Tuesday, March 2, 2021

Judas and the Black Messiah (2021)

17-year-old  William O'Neal (Lakeith Stanfield) is recruited by the FBI to infiltrate the Illinois chapter of the Black Panther Party led by Fred Hamptom (Daniel Kaluuya). As O'Neal gains acceptance and camaraderie with Hampton and his comrades, the FBI pushes their campaign to criminalize Hampton that ultimately leads to his assassination.

Similar to Candice Frederick's review, I couldn't stop thinking about or comparing Judas and the Black Messiah to The Departed - its potential similarities and stark differences.

Both films share the core structure of the spy story. For the former, William goes undercover into the Black Panther Party, and is continuously upended by his involvement. Even though William believes he is the rare example of an undercover agent, there are others lurking all over the place, forcing him to watch his back and always feel threatened by the potential of blowing his cover or having someone blow it for him. With The Departed, centered on the 'rats' trying to dismantle an Irish mob boss ring, there's always a lingering question and conflict of how the entire operation will fall apart. Despite the split focus on multiple characters and their motives, there's always a steady tension of three things - the suspicious intentions of multiple agencies trailing Costello, the true identities of cops surrounding him, and if Leonardo DiCaprio's frenzied character can maintain his sanity until he's free (which he will never earn). You never quite know what anyone's next move is, and everyone feels like they're fallen into a never-ending trap of cat and mouse. No matter how many spies we follow or twists the story takes, the leads are what glue you to both films.

And, Judas and the Black Messiah also features enigmatic performances by the cast. Without Lakeith Stanfield as William, it'd be hard to grasp the struggles how much his efforts as an undercover agent weighed on his conscious (an act that ultimately led to his own suicide). The BPP is nothing like how the FBI paints it as a terrorist group, leaving William to continuously lose himself in upholding BPP's activism as well as facing the consequences of his actions as a desperate act of self-preservation. There's always a sense of him looking over his shoulder even when he isn't. Playing opposite him, Daniel Kaluuya electrifyingly masters the enigmatic energy Fred had with not only his comrades but to convince the most racist groups to join their cause because the system makes enemies of us all. Other notable supporting roles includes Dominique Fishback as BPP member, poet, and Hampton's partner Deborah Johnson, and Jesse Plemmons as Roy Mitchell, O'Neal's FBI Special Agent handler.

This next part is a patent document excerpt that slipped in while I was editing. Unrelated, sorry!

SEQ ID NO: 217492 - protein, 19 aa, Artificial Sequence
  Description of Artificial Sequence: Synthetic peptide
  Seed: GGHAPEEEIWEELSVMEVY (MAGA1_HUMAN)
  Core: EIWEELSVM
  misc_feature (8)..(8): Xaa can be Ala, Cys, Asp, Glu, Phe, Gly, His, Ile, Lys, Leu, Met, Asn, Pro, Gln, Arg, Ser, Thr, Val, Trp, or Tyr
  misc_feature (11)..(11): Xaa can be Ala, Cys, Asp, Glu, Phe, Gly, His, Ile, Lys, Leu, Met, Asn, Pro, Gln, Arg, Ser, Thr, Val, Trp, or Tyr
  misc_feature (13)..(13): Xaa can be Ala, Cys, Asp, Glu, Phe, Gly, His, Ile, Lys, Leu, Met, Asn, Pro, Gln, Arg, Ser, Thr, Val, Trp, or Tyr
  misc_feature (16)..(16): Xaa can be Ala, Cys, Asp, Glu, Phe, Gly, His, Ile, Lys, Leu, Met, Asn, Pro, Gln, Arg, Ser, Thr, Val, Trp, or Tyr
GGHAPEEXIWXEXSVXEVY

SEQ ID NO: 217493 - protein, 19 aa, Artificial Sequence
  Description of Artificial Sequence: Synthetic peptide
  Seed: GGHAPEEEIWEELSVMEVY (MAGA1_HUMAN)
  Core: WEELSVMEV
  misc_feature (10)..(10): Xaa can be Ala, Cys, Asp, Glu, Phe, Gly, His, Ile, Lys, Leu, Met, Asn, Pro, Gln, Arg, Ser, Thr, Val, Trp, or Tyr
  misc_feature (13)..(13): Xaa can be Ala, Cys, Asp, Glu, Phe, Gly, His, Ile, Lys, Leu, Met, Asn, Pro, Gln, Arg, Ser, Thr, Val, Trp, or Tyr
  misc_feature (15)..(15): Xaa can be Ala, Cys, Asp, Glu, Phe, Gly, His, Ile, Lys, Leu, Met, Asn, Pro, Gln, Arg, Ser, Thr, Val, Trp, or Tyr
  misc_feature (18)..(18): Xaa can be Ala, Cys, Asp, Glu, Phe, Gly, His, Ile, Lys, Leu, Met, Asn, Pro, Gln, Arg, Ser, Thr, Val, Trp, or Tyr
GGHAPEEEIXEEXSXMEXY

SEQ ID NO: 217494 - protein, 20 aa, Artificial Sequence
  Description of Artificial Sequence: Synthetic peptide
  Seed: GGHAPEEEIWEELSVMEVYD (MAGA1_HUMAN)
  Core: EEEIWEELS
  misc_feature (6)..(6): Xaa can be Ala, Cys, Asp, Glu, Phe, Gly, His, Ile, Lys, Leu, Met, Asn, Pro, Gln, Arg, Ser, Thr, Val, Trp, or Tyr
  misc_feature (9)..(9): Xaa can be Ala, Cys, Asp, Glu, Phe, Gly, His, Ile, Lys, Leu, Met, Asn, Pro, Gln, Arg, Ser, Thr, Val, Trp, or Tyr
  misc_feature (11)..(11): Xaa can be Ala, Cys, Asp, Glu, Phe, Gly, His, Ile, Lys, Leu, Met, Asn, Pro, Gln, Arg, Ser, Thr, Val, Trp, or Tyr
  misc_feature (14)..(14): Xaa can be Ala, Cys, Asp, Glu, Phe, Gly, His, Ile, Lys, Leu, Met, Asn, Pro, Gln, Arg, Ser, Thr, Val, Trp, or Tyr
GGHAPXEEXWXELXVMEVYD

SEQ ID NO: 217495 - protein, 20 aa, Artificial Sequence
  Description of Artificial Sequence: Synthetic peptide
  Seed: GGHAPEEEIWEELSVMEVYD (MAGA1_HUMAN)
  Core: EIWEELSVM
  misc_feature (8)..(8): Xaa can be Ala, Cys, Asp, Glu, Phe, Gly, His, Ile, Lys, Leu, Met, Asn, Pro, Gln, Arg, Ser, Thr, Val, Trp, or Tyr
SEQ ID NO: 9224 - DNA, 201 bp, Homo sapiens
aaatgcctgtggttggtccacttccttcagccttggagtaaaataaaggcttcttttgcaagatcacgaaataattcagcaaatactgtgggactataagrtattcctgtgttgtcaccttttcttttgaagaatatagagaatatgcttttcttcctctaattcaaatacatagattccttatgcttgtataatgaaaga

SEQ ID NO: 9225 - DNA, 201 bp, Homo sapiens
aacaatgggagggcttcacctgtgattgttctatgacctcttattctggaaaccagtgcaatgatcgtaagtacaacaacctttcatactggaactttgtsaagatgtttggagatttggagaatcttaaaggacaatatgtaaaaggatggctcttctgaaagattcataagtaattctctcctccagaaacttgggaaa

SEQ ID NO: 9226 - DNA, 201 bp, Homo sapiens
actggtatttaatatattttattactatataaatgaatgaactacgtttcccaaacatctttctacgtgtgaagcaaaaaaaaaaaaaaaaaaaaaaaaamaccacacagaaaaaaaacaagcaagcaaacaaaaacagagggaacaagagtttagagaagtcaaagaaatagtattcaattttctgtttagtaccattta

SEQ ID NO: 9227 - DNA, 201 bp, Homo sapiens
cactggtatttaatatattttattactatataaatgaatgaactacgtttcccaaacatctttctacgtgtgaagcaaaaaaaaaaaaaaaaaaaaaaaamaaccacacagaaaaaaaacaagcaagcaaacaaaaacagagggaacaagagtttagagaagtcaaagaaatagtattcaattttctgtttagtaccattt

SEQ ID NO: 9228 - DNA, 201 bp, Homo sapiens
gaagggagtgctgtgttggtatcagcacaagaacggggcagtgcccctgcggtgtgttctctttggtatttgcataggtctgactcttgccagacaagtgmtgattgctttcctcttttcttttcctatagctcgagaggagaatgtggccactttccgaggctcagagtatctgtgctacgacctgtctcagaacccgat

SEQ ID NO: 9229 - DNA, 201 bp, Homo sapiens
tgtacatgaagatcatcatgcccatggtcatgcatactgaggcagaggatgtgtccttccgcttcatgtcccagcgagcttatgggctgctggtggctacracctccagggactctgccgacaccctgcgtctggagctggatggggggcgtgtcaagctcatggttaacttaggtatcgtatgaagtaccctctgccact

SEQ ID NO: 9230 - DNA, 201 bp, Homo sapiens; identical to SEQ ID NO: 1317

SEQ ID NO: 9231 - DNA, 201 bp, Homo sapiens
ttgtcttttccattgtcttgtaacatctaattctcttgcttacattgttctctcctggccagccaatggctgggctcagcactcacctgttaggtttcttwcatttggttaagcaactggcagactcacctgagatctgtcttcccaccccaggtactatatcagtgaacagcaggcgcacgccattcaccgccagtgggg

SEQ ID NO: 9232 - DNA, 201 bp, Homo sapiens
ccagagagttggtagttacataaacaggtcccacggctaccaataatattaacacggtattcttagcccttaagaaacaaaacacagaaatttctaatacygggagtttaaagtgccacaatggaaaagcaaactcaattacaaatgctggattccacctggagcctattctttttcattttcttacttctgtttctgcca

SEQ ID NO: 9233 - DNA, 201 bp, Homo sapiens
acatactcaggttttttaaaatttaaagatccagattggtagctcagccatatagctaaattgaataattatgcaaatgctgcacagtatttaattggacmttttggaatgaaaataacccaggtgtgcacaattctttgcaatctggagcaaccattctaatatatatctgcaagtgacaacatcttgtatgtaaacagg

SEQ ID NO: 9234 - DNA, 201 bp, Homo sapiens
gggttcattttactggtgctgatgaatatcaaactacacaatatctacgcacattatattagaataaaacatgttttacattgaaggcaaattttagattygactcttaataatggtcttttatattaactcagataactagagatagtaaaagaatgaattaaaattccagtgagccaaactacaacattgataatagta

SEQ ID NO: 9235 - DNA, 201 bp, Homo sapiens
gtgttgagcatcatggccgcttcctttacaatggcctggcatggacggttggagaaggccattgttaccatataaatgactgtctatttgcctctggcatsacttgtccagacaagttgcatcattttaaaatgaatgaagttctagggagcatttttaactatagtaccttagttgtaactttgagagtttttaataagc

Where Judas and the Black Messiah differs from The Departed outside of the cast and core plotpoints is how the script and direction unfolds in jagged spurts. As much as the former tries to piece together the patchwork of William's motivations, and showing the impact Fred has, the plot constantly loses its footing with uneven editing. Locations, characters, and story progression are spliced together without much context for what's taken placed between two differing moments. Supporting characters are revealed as agents, but there's no real throughline in who they are before or after their identities are discovered. Additionally, there are interview clips and real footage juxtaposed throughout that feel out of place and take you out of the film's uneven flow. All of these things were avoided in The Departed, in credit due to the superb editing by Thelma Schoonmaker, building up the ensemble as much as possible so you get a full grasp of all of the moving pieces, and not having to provide more historical context as a biopic. But Judas and the Black Messiah carries the burden of having to explore more of what's at stake for William and Fred, connect the past Civil Rights movement to the present Black Lives Matter movement, and give context to the time period on its own. It doesn't leave a lot of room to take its time, especially developing the stakes between Roy and the FBI versus William, Fred, and the BPP. The former, the antagonists, become much more like clumsy puppet masters rather than a racist system with an agenda, so much so that Hampton's murder doesn't quite feel like betrayal between the two comrades, and it doesn't quite put into context the structural integrity Fred established - a lasting impact of his loss for generations to come.

Biopics such as these shouldn't be laid out completely in layman's terms or like a Wikipedia page; obviously creative choices are made to make history come to life. And, the timeline between William and Fred could play out perfectly like an intricate thriller biopic. But even the most fragmented films are able to even out the role of an ensemble with contrasting motivations or non-linear timelines. It doesn't feel apt to say that Judas and the Black Messiah isn't as good as I thought it'd be considering that its existence is a victory for so many Black stories that Hollywood refuses to tell, and it was one of my top films I'd been looking forward to since 2020. However great the performances are, director Shaka King's film is just too muddled and leaves too many loose ends leading up to its tragic ending to support them the way it should.

Rating: ★1/2☆☆

No comments:

Post a Comment